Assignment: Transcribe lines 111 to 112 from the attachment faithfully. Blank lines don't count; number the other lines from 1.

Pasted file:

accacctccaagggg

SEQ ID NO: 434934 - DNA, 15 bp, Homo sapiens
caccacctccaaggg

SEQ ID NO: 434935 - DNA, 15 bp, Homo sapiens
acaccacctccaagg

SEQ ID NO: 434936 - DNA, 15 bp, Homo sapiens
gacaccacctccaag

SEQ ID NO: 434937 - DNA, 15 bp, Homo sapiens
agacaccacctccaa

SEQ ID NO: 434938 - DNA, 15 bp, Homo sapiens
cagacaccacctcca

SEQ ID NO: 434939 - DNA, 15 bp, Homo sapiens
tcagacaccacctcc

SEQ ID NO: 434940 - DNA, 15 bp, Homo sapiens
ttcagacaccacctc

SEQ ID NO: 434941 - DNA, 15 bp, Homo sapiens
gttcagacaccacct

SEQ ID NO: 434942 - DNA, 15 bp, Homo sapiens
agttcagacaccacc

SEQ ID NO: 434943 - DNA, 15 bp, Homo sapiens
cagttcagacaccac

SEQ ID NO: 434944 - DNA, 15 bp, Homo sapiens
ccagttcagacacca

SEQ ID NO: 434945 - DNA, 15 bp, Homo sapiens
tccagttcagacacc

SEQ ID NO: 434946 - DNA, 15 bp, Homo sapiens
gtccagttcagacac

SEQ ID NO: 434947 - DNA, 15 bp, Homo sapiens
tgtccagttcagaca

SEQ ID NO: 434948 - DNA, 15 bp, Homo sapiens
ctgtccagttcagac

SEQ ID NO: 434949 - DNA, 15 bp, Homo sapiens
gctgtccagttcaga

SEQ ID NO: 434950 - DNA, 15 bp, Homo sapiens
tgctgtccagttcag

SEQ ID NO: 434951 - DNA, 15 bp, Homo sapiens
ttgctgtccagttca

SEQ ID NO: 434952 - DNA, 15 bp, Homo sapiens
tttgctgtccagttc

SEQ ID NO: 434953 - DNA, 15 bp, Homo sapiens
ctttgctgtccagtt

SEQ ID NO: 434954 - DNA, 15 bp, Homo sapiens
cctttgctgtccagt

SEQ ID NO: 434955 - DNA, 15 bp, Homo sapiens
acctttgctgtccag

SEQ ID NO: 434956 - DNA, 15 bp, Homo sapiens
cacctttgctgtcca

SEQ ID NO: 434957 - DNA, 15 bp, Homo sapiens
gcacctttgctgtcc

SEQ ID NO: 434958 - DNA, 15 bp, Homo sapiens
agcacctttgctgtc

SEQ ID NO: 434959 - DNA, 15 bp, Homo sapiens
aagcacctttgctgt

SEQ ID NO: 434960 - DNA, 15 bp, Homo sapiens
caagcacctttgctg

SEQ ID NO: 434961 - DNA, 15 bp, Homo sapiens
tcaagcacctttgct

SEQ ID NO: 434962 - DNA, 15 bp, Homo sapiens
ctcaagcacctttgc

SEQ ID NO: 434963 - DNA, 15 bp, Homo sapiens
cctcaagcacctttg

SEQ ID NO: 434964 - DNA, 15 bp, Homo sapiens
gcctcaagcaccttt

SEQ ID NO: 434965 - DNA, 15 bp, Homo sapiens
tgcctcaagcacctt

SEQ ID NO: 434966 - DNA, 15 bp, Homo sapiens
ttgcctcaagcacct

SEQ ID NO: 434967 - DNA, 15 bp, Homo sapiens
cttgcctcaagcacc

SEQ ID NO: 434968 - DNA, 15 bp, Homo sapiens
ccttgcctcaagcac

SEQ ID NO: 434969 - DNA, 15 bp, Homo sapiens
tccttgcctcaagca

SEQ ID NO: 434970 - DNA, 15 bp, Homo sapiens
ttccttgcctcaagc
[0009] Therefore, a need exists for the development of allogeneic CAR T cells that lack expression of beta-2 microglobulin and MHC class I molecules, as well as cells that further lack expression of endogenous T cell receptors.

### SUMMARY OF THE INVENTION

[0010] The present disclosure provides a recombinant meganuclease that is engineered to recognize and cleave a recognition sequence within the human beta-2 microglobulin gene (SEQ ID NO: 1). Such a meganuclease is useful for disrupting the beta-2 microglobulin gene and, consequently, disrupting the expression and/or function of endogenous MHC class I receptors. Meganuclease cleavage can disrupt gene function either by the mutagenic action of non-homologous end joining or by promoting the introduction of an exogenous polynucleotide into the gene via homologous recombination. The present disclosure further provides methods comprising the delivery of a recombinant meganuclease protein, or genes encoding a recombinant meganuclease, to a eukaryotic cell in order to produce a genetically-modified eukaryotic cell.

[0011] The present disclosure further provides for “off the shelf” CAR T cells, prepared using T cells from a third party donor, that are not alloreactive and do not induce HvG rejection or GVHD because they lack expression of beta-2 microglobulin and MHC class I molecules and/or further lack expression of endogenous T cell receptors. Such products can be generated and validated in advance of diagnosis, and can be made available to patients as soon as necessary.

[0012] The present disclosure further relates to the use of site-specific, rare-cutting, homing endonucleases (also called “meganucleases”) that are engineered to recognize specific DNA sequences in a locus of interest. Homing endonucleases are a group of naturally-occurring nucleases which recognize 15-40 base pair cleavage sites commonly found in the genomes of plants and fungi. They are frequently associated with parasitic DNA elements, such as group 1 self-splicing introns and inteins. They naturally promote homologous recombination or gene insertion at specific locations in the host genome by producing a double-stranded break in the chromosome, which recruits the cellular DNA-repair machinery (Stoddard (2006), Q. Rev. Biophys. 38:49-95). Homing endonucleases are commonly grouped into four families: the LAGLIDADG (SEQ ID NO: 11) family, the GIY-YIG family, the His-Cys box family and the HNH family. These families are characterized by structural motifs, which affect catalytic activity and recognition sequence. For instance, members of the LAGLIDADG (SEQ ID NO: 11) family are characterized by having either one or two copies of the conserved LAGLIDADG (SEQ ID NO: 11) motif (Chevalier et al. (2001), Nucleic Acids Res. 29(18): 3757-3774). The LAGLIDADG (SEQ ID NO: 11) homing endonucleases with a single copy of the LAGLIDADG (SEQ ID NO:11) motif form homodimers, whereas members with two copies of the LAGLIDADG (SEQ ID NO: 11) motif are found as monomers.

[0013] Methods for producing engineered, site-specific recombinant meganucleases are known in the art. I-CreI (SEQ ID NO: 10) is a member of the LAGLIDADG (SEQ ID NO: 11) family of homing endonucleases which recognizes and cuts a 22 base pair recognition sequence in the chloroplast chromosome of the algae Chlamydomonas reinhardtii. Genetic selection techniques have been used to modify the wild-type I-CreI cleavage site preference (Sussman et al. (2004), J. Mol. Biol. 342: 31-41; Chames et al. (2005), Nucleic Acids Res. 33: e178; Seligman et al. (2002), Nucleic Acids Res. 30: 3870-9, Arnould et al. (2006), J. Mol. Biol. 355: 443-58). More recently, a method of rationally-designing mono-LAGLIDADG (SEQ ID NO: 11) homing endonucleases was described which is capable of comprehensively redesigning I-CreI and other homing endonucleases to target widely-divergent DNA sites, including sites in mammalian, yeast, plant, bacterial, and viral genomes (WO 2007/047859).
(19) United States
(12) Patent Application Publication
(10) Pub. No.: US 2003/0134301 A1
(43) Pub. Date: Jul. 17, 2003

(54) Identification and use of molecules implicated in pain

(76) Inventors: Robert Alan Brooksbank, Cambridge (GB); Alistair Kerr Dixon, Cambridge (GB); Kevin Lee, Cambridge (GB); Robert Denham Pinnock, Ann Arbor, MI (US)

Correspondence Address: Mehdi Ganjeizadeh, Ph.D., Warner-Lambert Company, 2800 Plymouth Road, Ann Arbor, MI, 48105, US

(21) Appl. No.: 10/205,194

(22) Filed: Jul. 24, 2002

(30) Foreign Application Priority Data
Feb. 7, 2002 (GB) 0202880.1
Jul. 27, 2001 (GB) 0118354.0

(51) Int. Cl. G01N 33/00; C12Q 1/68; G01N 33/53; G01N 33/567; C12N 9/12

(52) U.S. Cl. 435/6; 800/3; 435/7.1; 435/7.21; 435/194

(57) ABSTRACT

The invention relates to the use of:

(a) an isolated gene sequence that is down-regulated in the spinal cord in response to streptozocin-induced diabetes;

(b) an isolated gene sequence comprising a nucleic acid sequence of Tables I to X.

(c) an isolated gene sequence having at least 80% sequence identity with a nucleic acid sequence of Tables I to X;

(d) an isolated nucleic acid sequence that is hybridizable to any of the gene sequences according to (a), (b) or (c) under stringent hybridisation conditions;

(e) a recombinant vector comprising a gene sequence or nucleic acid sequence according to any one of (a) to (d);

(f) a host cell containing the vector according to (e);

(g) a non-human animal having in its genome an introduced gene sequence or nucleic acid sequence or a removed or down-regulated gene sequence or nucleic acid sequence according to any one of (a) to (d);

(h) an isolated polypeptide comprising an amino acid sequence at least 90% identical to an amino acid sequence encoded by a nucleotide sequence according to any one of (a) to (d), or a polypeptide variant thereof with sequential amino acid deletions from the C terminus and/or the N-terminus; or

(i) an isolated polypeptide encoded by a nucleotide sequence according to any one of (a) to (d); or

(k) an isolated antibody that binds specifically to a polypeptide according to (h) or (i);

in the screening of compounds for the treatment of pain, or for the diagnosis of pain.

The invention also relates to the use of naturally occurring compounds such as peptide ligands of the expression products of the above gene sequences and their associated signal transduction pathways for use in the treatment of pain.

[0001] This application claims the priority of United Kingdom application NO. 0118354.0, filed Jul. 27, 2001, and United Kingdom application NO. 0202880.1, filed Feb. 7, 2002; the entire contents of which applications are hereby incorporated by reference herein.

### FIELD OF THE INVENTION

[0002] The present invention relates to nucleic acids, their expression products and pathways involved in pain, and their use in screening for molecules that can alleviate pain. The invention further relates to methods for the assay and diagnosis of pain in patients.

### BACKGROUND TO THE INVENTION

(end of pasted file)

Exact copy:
### FIELD OF THE INVENTION

[0002] The present invention relates to nucleic acids, their expression products and pathways involved in pain, and their use in screening for molecules that can alleviate pain. The invention further relates to methods for the assay and diagnosis of pain in patients.